St. Johns School Bond Proposal

By: Jamie Edmonds Email
By: Jamie Edmonds Email

Whether he's talking about the wrestling room, the classrooms, or the one and only gym at the high school, it's clear St. Johns Superintendent Ken Ladouceur believes renovations are long overdue.

"I'm very seriously concerned with our safety of out bleachers," Ladouceur said. "There are too many access points into the building. Our facilities were built in the 1960s, not for the current situation."

So he's pushing for voters to approve a $64 million bond next month, one that would renovate the 40-year-old high school, plus have some left over money for other district improvements.

"This maintains the mil we've been paying for for a number of years," he said. "This would not be a not a tax increase."

The total for this year's bond is $64 million, $56 million of that would stay at the high school for renovations. So, for a person with a $100,000 house, it would equal about $144 dollars per year.

"Philosophically we are not against the need for improvements in the schools, but we are against the way its being funded," Tim Karasek said.

Karasek is a district parent and a member of the group "Alternatives to Education Funding," which believes the district should use a sinking fund to pay for improvements, not a bond.

"We're borrowing money and paying interest in a bond version," he said. "The sinking fund is taxing ourselves a millage and putting that money into a piggy bank."

That method would take longer though because there's a cap on how much you can tax yearly, but there are no interest payments either.

Karasek said this method has worked for a district in the Flint area.

"It's paid for period," he said.

Ladouceur said it's more complicated than that. Sinking funds have limitations to how you can spend the money.

"It couldn't be broken up into enough smaller pieces to get the job done effectively," Ladouceur said.

He's hoping the winds have changed from last year, and residents vote "yes" to the bond proposal.

Ladouceur said now is the perfect time for a school bond because the US government is lending $15 million to schools at very low interest rates through the stimulus package. The district would save about $40 million in interest costs over the life of the bond.

***You can go to www.nodebtnobondnoway.com to visit the website by "Alternatives to Education Funding."

**For facts from supporters of the bond, go to the website: www.schoolsfortomorrow.org

Election day is May 4th.


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Comments are posted from viewers like you and do not always reflect the views of this station.
  • by Wendy Location: St. Johns on Apr 25, 2010 at 04:32 PM
    The question is not whether improvments need to be made, but how many "extras" are being included. Why do we need new classrooms, if we are being told that our elementary enrollment is down? Why do we need 2 gymnasiums? Remember when we were told how unsafe Rodney B. Wilson was and how they could not rennovate to accommodate updated technology, thus making a new middle school "necessary"? What is the Wilson Center now being used for--before and after school child care, a pre-school, alternative education and Michigan Works! It is about time for this school board and superintendant to be HONEST and to be REALISTIC and RESPONSIBILE with the decisions they are making.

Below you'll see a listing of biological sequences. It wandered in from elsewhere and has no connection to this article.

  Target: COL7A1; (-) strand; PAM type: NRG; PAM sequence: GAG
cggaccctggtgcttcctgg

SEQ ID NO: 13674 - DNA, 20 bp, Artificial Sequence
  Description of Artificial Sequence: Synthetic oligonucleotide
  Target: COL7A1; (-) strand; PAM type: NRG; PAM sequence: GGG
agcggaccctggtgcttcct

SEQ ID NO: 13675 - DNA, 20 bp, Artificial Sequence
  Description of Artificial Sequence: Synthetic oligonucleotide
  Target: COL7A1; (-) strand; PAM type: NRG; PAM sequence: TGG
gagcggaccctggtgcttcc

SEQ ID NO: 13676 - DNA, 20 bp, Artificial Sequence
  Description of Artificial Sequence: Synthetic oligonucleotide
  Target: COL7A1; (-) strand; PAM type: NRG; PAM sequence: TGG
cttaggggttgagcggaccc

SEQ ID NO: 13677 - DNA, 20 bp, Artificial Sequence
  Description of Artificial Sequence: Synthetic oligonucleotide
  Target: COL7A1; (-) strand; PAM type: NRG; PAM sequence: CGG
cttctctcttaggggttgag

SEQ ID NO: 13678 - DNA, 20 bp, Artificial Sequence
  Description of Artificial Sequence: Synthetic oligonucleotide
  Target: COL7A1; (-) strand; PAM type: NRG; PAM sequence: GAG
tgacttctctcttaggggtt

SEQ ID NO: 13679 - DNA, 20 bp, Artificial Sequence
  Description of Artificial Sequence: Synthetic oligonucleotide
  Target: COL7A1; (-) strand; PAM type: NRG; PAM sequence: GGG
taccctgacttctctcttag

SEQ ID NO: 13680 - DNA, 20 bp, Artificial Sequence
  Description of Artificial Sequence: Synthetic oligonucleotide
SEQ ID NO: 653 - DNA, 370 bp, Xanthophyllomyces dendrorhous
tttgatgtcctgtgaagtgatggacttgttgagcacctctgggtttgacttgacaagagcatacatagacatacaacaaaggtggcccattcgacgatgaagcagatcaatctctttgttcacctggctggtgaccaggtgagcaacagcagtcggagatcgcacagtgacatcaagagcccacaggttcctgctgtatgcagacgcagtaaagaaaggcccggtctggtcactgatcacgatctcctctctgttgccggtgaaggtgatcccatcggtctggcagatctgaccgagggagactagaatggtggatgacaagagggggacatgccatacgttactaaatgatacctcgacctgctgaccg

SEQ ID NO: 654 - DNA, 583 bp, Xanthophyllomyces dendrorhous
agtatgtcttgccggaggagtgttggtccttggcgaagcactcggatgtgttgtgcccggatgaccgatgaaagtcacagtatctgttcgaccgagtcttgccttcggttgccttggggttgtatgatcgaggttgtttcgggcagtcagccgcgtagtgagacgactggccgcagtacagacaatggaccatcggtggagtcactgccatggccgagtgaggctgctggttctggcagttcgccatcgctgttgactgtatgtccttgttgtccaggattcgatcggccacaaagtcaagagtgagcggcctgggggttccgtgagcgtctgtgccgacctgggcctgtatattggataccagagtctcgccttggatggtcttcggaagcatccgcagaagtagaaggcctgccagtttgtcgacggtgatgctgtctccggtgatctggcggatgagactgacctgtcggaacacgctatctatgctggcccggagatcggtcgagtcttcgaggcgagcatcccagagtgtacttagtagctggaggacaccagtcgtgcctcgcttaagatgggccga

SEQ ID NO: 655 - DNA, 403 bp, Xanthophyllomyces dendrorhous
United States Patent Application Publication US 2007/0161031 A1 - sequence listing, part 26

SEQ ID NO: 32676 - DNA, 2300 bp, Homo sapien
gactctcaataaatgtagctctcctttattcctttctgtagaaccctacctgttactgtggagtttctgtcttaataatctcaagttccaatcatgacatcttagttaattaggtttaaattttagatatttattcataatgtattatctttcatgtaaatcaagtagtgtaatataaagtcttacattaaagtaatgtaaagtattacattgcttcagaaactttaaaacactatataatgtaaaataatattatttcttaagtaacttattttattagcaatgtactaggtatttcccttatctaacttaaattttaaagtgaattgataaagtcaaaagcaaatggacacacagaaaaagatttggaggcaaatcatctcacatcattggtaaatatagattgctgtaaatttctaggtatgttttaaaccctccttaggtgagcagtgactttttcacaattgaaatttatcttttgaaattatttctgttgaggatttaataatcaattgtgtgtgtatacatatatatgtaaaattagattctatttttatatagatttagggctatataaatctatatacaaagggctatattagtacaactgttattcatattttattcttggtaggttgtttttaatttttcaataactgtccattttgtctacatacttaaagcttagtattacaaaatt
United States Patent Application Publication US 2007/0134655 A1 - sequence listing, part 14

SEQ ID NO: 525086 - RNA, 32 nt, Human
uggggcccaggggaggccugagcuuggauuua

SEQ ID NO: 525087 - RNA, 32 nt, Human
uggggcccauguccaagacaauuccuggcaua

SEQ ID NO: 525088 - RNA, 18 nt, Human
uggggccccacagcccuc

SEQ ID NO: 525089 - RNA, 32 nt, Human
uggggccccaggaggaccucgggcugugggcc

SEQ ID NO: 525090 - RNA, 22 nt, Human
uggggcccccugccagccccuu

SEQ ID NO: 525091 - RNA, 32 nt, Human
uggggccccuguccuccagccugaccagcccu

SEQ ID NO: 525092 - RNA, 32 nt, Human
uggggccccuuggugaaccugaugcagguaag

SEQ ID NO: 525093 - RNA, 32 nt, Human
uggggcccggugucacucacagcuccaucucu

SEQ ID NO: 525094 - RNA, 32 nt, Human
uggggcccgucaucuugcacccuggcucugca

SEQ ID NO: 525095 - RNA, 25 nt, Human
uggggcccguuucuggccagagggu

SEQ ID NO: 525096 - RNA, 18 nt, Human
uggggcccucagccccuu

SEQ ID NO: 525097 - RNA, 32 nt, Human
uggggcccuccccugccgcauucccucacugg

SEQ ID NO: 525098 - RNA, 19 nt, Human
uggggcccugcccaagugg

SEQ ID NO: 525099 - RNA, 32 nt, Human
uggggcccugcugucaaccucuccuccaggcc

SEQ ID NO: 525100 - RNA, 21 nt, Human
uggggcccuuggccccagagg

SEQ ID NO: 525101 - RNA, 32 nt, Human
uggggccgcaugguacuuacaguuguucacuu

• by Essex Resident Location: Essex Township on Apr 23, 2010 at 08:21 AM
    And a BIG thank you to the SJ middle school teacher who illegally sent a 'vote yes' email to hundreds of parents after accessing school records! By the way; who is currently funding schoolsoftommorrow.org? Before the last bond issue, I understand that Kingscott and Clark were the two largest funders.
  • by bob on Apr 23, 2010 at 08:20 AM
    Why are SJ school teachers and staff using the email that we pay for to send out a vote YES message? I think there are laws against that. The school administration also used the school mailing system to send out their fact sheets. I think they are walking a fine line. Who is paying for all this marketing? Is it us the taxpayer or is it Schools for Tomorrow? I would think that if it was Schools for Tomorrow it would have a vote Yes message. I would bet that the school district is using taxpayer money to pay for the majority of this marketing campaign not to mention the approximately $18,000 spent last year and the $18,000 be spent this year to have a special election. Add it all up and it is half the annual salary and benefits of a good teacher. They are spending all this money while facing a $1.6 million shortfall in the budget. I don't get the feeling they are spending taxpayer dollars like their own money as they claim.
  • by We're all anonymous on Apr 23, 2010 at 05:16 AM